It is common to find a reference to one party to a contract being obliged to use her/his reasonable endeavours to do something. What does that phrase mean and what are the alternatives?
1. The commercial context of an endeavours obligation will always dictate what such a provision actually requires of the party who agrees to it. Such issues are commonly discussed in the Courts.
2. The most onerous obligation is a “best endeavours” obligation. This has been held to mean that the party concerned must do everything possible (and legal) to fulfil the obligation. For that reason, it is best avoided when acting for the party who is being asked to agree to such an obligation.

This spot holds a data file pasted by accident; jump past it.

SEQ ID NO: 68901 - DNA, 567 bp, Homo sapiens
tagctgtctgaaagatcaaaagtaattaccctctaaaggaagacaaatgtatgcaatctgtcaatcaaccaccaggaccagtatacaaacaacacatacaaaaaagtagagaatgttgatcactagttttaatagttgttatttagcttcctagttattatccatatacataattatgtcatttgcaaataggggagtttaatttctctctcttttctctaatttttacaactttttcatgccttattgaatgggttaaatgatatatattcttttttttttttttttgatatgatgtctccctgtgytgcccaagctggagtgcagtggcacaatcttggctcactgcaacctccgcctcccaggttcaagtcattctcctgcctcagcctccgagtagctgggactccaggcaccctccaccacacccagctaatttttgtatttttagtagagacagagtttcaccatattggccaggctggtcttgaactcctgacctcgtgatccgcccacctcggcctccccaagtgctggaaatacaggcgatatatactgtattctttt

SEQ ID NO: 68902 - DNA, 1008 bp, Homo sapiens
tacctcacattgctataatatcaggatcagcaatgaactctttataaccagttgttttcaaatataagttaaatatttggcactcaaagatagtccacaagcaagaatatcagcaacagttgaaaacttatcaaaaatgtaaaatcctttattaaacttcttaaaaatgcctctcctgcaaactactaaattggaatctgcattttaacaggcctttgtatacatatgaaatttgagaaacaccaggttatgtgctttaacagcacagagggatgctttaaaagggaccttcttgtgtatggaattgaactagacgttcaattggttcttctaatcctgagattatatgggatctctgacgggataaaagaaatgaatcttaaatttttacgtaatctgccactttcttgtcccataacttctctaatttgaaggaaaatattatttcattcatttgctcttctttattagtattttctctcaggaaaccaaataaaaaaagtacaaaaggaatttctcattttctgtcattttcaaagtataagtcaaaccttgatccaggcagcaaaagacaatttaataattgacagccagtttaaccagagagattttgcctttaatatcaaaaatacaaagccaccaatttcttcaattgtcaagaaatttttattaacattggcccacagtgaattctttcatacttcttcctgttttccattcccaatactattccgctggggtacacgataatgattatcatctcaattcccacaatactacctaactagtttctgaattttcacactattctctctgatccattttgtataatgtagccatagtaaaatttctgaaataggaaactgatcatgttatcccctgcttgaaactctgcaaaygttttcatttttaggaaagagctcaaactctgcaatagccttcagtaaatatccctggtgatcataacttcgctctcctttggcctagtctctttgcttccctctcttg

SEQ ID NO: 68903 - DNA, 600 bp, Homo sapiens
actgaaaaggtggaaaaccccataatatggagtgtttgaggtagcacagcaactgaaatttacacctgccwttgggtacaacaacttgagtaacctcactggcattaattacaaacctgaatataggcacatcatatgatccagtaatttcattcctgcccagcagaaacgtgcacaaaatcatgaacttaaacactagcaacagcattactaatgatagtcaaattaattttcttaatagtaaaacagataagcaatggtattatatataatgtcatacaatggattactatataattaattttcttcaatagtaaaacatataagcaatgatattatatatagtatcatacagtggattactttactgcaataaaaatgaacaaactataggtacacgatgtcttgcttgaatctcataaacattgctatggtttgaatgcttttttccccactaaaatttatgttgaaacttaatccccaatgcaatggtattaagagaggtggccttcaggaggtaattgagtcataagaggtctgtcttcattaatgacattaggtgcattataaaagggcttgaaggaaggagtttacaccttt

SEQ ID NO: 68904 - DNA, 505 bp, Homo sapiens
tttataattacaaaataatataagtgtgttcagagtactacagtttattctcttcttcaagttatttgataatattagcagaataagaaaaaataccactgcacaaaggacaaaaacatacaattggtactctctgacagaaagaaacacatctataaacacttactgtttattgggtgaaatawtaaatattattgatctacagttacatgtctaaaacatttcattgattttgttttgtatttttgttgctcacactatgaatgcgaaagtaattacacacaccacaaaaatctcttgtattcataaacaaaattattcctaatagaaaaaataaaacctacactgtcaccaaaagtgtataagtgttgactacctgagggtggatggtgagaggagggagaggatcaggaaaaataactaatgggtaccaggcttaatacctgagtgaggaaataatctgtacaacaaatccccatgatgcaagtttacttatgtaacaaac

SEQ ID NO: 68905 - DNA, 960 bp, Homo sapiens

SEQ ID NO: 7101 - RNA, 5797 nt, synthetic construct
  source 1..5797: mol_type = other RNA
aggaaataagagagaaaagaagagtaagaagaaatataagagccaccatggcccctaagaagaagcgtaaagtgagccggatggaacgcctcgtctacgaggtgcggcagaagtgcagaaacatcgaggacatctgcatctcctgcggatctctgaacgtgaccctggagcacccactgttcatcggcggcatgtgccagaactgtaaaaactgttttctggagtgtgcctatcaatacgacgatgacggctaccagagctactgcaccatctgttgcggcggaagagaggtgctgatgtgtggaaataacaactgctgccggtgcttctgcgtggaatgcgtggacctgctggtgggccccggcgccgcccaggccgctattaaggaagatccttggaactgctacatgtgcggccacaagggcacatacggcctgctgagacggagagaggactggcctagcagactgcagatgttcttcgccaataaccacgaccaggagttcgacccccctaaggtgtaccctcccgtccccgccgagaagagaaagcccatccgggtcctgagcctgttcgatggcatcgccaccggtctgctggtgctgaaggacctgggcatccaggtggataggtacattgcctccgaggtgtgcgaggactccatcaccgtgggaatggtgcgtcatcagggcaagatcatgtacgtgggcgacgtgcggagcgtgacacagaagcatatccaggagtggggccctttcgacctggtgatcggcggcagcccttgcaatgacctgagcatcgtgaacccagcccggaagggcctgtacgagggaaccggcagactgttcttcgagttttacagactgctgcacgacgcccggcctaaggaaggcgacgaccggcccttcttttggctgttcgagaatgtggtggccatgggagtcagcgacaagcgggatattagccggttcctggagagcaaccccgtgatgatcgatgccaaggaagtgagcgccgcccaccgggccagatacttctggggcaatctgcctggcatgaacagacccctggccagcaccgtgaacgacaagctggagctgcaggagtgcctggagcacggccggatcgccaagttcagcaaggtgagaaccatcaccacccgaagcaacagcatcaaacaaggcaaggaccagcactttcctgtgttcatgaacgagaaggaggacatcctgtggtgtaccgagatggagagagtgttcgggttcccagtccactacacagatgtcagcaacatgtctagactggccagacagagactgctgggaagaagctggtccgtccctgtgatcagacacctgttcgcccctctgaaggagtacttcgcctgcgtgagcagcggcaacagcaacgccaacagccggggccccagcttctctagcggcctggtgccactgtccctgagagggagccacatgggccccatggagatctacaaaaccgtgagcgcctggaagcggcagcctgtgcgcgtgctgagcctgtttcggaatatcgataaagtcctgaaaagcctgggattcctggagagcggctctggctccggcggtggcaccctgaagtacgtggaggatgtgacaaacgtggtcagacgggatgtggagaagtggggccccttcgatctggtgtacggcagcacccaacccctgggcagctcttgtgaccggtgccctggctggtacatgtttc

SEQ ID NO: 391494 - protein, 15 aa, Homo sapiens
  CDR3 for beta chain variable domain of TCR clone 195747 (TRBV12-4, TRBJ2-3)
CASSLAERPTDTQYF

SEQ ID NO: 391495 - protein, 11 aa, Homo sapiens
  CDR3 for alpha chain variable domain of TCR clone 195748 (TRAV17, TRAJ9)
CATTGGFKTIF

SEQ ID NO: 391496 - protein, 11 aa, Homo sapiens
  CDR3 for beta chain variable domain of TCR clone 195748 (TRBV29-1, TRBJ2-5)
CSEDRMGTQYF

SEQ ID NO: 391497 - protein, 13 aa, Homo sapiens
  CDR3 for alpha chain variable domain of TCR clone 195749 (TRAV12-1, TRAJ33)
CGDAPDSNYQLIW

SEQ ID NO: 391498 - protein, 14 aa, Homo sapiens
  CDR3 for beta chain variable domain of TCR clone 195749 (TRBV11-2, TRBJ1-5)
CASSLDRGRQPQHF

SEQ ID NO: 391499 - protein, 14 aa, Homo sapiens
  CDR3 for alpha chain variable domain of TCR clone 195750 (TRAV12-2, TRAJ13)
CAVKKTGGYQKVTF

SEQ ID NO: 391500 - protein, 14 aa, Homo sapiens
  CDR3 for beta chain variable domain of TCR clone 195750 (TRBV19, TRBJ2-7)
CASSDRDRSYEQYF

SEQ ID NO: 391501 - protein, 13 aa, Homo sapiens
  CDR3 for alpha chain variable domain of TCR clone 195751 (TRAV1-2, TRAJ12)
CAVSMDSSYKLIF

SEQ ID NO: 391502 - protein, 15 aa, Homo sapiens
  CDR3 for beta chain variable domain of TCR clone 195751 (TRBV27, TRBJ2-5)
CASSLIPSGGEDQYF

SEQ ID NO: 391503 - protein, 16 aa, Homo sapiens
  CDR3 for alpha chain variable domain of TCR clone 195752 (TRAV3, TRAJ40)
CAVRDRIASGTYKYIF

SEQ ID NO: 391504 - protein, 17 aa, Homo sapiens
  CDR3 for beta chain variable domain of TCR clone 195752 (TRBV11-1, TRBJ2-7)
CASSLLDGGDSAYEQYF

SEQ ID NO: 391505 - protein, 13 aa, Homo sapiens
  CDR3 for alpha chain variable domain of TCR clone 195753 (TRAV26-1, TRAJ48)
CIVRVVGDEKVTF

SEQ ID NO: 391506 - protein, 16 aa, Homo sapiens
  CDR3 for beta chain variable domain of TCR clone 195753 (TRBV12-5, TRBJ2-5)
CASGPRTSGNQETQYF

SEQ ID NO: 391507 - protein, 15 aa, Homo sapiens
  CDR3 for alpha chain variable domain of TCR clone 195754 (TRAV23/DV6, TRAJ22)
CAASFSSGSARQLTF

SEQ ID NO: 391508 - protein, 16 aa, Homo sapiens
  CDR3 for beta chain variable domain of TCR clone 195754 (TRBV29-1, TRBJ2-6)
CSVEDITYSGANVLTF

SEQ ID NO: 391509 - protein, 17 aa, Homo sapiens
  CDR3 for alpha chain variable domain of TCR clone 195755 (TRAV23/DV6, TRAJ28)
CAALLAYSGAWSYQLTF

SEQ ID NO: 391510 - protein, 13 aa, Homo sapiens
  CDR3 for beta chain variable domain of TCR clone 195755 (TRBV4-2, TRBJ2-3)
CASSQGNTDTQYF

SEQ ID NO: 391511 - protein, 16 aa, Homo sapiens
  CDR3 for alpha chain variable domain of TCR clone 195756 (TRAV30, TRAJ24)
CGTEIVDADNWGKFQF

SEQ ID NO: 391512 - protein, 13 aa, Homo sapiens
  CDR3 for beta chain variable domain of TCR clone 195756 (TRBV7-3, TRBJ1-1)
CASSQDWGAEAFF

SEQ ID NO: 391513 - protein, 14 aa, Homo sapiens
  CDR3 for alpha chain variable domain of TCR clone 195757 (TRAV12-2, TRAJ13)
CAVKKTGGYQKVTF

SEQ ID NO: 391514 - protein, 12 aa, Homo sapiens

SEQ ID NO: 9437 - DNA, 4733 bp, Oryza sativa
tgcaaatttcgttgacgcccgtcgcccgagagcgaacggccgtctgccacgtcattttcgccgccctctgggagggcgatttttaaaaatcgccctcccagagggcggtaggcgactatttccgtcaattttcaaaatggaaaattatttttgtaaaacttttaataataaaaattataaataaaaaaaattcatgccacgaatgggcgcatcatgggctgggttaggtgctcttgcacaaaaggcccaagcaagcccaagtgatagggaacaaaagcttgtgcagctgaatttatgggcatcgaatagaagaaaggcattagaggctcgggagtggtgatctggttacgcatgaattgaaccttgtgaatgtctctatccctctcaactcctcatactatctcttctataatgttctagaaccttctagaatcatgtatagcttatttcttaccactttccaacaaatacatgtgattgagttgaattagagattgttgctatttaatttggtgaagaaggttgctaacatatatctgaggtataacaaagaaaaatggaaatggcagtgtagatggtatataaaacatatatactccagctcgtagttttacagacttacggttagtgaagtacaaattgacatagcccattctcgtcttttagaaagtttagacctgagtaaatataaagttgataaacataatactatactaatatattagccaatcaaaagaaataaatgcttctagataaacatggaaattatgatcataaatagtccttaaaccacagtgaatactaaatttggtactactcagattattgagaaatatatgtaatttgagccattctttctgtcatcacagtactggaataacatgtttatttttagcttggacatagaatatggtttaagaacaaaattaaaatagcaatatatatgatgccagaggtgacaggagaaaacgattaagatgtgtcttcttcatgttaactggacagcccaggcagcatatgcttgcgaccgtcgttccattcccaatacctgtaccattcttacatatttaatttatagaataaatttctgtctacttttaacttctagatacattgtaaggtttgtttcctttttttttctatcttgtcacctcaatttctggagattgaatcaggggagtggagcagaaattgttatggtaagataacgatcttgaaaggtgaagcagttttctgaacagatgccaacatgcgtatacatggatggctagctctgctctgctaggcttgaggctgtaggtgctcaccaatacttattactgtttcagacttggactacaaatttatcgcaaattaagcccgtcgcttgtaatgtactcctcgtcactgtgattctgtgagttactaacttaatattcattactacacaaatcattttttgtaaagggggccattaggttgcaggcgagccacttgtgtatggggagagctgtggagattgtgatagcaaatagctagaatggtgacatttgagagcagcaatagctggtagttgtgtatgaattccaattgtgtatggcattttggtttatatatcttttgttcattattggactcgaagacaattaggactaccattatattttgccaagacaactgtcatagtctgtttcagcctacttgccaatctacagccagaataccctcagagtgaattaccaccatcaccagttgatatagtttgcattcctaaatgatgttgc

3. The least onerous obligation is to use “reasonable endeavours”. This means that the party must take reasonable steps to fulfil her/his obligation. Sitting back and doing nothing is not enough. Each case will be assessed on its own facts and circumstances. It is an underlying principle of the Scots common law that parties to a contract are deemed to be obliged to act in such a manner as furthers the objectives of the contractual relationship between them – and certainly not act contrary to these terms.
4. A common compromise is to seek an “all reasonable” or “all reasonable commercial” endeavours obligation. These are variants on a theme which, by necessity, fall between the two extremes.
5. The message must be to think carefully about all such obligations which are asked of you before agreeing to grant same.